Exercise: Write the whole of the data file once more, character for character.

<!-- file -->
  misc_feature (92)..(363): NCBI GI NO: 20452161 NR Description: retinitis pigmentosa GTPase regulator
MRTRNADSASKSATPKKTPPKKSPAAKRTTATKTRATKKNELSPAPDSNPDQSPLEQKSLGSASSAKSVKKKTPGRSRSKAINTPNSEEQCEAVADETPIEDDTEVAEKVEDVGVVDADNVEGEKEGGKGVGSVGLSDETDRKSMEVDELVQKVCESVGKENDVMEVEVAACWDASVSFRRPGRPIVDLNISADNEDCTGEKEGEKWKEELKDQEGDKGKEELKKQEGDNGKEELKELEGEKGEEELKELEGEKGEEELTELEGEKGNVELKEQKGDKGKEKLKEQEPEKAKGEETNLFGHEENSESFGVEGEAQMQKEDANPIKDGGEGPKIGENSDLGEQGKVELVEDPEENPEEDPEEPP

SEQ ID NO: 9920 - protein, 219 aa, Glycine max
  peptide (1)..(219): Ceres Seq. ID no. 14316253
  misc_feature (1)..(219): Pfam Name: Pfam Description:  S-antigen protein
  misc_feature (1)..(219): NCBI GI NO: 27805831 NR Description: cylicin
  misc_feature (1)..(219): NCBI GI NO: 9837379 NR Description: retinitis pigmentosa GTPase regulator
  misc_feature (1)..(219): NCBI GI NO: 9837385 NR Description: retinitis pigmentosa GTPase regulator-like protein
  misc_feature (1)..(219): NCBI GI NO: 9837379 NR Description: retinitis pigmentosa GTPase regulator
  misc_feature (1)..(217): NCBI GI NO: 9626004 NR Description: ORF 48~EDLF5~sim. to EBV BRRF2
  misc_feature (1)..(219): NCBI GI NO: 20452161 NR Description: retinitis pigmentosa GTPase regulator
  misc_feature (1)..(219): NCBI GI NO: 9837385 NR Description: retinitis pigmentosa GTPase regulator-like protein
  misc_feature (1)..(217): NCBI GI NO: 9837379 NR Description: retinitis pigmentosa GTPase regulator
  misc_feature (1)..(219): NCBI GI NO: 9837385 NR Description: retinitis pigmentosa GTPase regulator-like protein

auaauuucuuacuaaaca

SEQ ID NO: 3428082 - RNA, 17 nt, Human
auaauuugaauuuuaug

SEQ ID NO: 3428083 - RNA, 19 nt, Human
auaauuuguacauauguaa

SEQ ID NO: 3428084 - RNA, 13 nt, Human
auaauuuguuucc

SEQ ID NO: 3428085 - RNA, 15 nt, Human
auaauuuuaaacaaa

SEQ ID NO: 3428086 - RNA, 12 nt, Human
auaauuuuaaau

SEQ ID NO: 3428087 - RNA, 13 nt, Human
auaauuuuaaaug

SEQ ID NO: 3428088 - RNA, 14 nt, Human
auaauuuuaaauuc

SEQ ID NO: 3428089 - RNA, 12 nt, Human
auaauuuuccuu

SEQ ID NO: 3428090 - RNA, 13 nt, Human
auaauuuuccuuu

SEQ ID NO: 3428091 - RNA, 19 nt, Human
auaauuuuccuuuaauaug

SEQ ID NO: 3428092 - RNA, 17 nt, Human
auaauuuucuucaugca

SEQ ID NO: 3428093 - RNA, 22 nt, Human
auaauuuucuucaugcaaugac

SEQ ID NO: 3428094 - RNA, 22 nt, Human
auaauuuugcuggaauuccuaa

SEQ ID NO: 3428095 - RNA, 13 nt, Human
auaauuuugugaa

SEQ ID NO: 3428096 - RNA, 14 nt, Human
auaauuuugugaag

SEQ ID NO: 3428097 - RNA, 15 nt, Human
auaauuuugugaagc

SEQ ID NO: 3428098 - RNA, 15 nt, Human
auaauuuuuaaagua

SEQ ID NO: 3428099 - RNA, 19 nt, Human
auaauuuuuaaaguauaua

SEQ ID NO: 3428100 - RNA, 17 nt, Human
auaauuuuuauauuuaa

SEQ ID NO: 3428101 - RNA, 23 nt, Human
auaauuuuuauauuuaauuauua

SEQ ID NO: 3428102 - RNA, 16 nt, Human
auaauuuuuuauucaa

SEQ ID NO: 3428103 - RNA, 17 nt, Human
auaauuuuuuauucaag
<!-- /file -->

  misc_feature (92)..(363): NCBI GI NO: 20452161 NR Description: retinitis pigmentosa GTPase regulator
MRTRNADSASKSATPKKTPPKKSPAAKRTTATKTRATKKNELSPAPDSNPDQSPLEQKSLGSASSAKSVKKKTPGRSRSKAINTPNSEEQCEAVADETPIEDDTEVAEKVEDVGVVDADNVEGEKEGGKGVGSVGLSDETDRKSMEVDELVQKVCESVGKENDVMEVEVAACWDASVSFRRPGRPIVDLNISADNEDCTGEKEGEKWKEELKDQEGDKGKEELKKQEGDNGKEELKELEGEKGEEELKELEGEKGEEELTELEGEKGNVELKEQKGDKGKEKLKEQEPEKAKGEETNLFGHEENSESFGVEGEAQMQKEDANPIKDGGEGPKIGENSDLGEQGKVELVEDPEENPEEDPEEPP

SEQ ID NO: 9920 - protein, 219 aa, Glycine max
  peptide (1)..(219): Ceres Seq. ID no. 14316253
  misc_feature (1)..(219): Pfam Name: Pfam Description:  S-antigen protein
  misc_feature (1)..(219): NCBI GI NO: 27805831 NR Description: cylicin
  misc_feature (1)..(219): NCBI GI NO: 9837379 NR Description: retinitis pigmentosa GTPase regulator
  misc_feature (1)..(219): NCBI GI NO: 9837385 NR Description: retinitis pigmentosa GTPase regulator-like protein
  misc_feature (1)..(219): NCBI GI NO: 9837379 NR Description: retinitis pigmentosa GTPase regulator
  misc_feature (1)..(217): NCBI GI NO: 9626004 NR Description: ORF 48~EDLF5~sim. to EBV BRRF2
  misc_feature (1)..(219): NCBI GI NO: 20452161 NR Description: retinitis pigmentosa GTPase regulator
  misc_feature (1)..(219): NCBI GI NO: 9837385 NR Description: retinitis pigmentosa GTPase regulator-like protein
  misc_feature (1)..(217): NCBI GI NO: 9837379 NR Description: retinitis pigmentosa GTPase regulator
  misc_feature (1)..(219): NCBI GI NO: 9837385 NR Description: retinitis pigmentosa GTPase regulator-like protein

auaauuucuuacuaaaca

SEQ ID NO: 3428082 - RNA, 17 nt, Human
auaauuugaauuuuaug

SEQ ID NO: 3428083 - RNA, 19 nt, Human
auaauuuguacauauguaa

SEQ ID NO: 3428084 - RNA, 13 nt, Human
auaauuuguuucc

SEQ ID NO: 3428085 - RNA, 15 nt, Human
auaauuuuaaacaaa

SEQ ID NO: 3428086 - RNA, 12 nt, Human
auaauuuuaaau

SEQ ID NO: 3428087 - RNA, 13 nt, Human
auaauuuuaaaug

SEQ ID NO: 3428088 - RNA, 14 nt, Human
auaauuuuaaauuc

SEQ ID NO: 3428089 - RNA, 12 nt, Human
auaauuuuccuu

SEQ ID NO: 3428090 - RNA, 13 nt, Human
auaauuuuccuuu

SEQ ID NO: 3428091 - RNA, 19 nt, Human
auaauuuuccuuuaauaug

SEQ ID NO: 3428092 - RNA, 17 nt, Human
auaauuuucuucaugca

SEQ ID NO: 3428093 - RNA, 22 nt, Human
auaauuuucuucaugcaaugac

SEQ ID NO: 3428094 - RNA, 22 nt, Human
auaauuuugcuggaauuccuaa

SEQ ID NO: 3428095 - RNA, 13 nt, Human
auaauuuugugaa

SEQ ID NO: 3428096 - RNA, 14 nt, Human
auaauuuugugaag

SEQ ID NO: 3428097 - RNA, 15 nt, Human
auaauuuugugaagc

SEQ ID NO: 3428098 - RNA, 15 nt, Human
auaauuuuuaaagua

SEQ ID NO: 3428099 - RNA, 19 nt, Human
auaauuuuuaaaguauaua

SEQ ID NO: 3428100 - RNA, 17 nt, Human
auaauuuuuauauuuaa

SEQ ID NO: 3428101 - RNA, 23 nt, Human
auaauuuuuauauuuaauuauua

SEQ ID NO: 3428102 - RNA, 16 nt, Human
auaauuuuuuauucaa

SEQ ID NO: 3428103 - RNA, 17 nt, Human
auaauuuuuuauucaag